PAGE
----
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“Ohh, Jeremy Corbyn!”: Tom Watson goes from dissident to devotee

This time last year, the deputy Labour leader was accused of plotting Jeremy Corbyn’s downfall; now he’s singing about him on stage.

To the now ubiquitous tune of The White Stripes’ Seven Nation Army, the deputy Labour leader Tom Watson began chanting “Ohh Jeremy Corbyn” during his party conference speech.

He thanked the Labour leader (who was also on stage) for showing him that – contrary to Machiavelli’s infamous leadership lesson – “it is better to be loved than feared”. He even gave a much-applauded shout-out to Momentum.

It was a speech that showed how much the party has changed. Despite being deputy leader, Watson was seen as part of the attempted coup to overthrow Corbyn last year following the EU referendum result. He failed to back the party leader, and was apparently unaware of his leader’s troubles while dancing at a silent disco in Glastonbury as the shadow cabinet fell apart.

Watson referenced his now infamous alibi in his speech, citing the White Stripes chant he heard at this year’s festival:

“One of the most surreal moments of my political life happened to me late at night, in a field, surrounded by people much younger and far more stylish than me.

“I realised something as the crowd at Glastonbury’s silent disco began to sing:

‘Oh, Jeremy Corbyn...’

[Chants with the audience]

“And as they sang, I realised it’s actually better to be loved than to be feared. And Jeremy has shown us that it’s possible.

“Thank you Jeremy.”

This time last year, Watson chastised Corbyn and co for “trashing the record” of Tony Blair (who he also tried to oust in 2006), and earlier in the year had warned that an alliance of Momentum and Unite could “destroy” the Labour party.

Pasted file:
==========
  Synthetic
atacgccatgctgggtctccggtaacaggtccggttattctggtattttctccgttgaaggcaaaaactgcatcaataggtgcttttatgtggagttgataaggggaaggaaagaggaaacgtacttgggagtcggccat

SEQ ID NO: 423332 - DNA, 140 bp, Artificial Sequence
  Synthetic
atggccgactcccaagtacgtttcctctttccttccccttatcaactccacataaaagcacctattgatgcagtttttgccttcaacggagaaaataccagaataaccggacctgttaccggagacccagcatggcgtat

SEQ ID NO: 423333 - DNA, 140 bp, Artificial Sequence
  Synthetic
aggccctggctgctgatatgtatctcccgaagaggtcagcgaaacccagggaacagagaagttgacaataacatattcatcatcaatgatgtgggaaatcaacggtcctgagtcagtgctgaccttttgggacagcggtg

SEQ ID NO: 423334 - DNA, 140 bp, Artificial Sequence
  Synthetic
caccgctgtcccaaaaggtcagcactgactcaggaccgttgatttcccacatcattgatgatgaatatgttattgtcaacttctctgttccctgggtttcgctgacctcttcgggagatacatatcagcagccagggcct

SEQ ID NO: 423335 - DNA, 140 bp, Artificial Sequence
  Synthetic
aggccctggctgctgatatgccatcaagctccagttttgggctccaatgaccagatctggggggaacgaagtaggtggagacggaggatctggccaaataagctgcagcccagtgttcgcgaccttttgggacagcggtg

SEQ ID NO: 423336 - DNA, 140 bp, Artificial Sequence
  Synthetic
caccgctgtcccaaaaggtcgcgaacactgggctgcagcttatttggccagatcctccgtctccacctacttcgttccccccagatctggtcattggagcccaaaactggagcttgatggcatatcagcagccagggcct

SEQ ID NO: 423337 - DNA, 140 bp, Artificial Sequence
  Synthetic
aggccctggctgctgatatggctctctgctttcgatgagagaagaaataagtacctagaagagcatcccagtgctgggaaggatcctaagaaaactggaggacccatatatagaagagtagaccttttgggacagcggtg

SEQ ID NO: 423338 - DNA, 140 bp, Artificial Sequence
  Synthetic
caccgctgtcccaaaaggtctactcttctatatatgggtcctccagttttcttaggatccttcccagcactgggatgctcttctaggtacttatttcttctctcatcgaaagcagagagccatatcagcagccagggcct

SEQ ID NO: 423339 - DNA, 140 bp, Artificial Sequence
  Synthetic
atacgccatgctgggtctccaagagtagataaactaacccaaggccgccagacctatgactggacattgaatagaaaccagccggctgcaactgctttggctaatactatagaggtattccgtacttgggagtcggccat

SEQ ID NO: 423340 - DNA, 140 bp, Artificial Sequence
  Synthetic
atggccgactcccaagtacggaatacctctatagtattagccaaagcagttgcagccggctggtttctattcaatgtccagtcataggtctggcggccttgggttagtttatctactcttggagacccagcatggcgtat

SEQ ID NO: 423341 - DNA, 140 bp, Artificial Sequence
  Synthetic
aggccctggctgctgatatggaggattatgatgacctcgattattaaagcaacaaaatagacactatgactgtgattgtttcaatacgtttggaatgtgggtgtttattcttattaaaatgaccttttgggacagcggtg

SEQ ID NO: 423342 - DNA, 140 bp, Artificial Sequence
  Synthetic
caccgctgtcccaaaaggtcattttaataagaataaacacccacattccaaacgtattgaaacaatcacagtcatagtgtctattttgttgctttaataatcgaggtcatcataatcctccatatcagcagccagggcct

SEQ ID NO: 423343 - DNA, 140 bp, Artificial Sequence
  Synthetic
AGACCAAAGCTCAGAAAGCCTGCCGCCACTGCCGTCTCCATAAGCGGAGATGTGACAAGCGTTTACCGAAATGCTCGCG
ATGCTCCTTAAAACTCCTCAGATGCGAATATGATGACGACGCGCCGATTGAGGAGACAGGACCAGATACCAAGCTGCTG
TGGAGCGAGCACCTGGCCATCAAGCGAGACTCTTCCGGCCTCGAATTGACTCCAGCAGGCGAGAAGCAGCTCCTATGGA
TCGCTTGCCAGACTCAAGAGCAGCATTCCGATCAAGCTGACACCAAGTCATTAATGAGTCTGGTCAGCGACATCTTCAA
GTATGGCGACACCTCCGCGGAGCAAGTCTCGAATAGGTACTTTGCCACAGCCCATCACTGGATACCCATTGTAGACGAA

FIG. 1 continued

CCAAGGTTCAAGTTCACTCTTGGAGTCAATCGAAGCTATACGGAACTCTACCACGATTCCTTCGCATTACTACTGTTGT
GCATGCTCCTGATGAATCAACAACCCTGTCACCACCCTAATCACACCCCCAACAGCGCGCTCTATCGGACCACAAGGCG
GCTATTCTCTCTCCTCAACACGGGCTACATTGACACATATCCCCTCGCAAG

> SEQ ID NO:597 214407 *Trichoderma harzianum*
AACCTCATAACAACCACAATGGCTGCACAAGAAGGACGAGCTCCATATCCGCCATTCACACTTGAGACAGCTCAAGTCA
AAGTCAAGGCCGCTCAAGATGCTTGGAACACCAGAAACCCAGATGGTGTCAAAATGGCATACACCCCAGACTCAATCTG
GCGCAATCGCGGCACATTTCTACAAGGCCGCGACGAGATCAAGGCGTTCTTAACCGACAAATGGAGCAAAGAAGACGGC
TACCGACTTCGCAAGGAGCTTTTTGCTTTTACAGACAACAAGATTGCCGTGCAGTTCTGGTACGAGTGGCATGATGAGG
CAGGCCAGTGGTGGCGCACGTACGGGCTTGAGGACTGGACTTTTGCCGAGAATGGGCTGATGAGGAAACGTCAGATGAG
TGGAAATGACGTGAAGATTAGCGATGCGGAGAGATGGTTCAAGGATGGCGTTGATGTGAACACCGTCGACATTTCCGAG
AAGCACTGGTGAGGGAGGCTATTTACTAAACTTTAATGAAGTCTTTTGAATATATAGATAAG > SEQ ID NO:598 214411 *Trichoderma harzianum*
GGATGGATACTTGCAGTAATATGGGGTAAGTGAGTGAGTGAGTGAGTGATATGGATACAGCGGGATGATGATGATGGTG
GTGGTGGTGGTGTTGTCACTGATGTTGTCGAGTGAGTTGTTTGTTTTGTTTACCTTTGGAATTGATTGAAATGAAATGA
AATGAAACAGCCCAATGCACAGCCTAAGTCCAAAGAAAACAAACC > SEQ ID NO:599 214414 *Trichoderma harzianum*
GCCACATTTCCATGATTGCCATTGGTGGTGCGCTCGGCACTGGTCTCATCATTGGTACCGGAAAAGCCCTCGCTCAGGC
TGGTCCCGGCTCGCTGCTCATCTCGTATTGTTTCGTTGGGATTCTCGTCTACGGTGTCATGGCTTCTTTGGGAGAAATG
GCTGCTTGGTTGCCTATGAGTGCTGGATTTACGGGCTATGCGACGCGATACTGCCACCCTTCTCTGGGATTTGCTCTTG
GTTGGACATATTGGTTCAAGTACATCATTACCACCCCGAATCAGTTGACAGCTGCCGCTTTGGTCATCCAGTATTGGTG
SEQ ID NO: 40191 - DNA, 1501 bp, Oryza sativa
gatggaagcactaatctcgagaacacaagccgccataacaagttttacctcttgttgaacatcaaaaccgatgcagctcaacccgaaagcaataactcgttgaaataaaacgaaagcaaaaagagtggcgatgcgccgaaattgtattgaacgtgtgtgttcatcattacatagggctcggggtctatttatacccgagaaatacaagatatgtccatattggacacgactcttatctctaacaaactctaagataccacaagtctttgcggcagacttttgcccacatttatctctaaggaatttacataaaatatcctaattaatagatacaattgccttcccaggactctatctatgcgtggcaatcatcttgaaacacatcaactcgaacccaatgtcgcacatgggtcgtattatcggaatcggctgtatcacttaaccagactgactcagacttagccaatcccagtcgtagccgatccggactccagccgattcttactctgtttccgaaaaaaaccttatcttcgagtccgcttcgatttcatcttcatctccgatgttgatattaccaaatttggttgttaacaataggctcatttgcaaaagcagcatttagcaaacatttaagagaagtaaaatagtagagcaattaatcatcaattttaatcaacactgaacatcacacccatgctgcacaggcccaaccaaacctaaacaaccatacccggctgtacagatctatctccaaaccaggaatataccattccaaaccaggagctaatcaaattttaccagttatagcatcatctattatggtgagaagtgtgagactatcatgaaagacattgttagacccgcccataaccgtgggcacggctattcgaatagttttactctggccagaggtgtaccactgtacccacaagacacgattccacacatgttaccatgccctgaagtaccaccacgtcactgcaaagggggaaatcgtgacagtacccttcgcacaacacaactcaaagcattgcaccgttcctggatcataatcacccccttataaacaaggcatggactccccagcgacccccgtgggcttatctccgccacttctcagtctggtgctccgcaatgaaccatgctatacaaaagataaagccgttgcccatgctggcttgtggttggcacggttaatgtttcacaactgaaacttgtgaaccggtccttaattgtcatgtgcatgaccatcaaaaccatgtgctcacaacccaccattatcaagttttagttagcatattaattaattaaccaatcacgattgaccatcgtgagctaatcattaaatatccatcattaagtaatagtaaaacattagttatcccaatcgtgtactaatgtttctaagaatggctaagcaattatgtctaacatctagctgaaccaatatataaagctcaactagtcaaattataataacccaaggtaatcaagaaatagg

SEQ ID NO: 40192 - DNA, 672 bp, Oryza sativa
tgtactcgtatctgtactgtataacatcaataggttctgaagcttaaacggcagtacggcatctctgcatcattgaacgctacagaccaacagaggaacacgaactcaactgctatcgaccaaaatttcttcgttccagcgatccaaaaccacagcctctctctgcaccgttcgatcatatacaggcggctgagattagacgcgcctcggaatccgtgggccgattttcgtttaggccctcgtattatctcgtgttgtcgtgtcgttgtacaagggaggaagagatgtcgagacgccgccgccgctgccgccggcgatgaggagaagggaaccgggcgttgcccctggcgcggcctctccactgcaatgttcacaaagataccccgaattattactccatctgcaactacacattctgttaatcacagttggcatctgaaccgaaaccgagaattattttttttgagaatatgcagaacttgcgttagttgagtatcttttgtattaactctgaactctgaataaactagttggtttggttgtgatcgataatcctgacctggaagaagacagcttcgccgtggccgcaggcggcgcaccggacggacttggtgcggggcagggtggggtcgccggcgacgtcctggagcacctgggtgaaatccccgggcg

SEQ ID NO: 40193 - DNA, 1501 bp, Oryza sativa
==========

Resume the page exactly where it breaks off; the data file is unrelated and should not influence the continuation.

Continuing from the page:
Supporters of Corbyn such as Unite chief Len McCluskey and allies of the Labour leader have even been pushing for another deputy leader role to be created – ostensibly to have a woman in the job, but mainly to diminish Watson’s power.

So many are seeing Watson’s speech today as an attempt to cling on to his job, which was also said to be in shadow foreign secretary Emily Thornberry’s sights.

But there was some policy meat beneath the love-bombing. As shadow culture secretary, Watson came down hard on betting companies, announcing that Labour would ban football clubs from having shirt sponsorship deals with them, and launching a review of gambling addiction and the current provision of NHS treatment.

He also returned with vigour to a pet subject – slamming Rupert Murdoch. (Watson’s investigation into phone hacking while on the culture, media and sport select committee eventually led to the Leveson inquiry.)

In his speech, he championed “new digital platforms” over “our biased media”, and told the conference hall:

“Murdoch’s papers did their best to start a Tory landslide. They threw the kitchen sink at Jeremy. But this time the dirty tricks didn’t work. This time it was not the Sun wot won it.

“And let me tell you, Conference: it never will be the Sun wot won it again.”

It’s a sign of how much Labour has changed that these comments – made by a once rather lonely campaigner against Murdoch – now sound mainstream in the party.

Anoosh Chakelian is senior writer at the New Statesman.

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Can a “Momentum moment” revive the fortunes of Germany’s SPD?

Support for the centre-left Social Democratic Party (SPD) has sunk into third place, behind the far right Alternative for Germany.

Germany has crossed a line: for the first time in the history of the federal republic, the Social Democratic Party (SPD) has sunk into third place, polling just 15.5 per cent – half a point behind the far-right Alternative for Germany (AfD). The poll was published on the day the SPD membership received their postal ballots on whether to enter another grand coalition with Angela Merkel’s Christian Democrats, and inflamed debate further.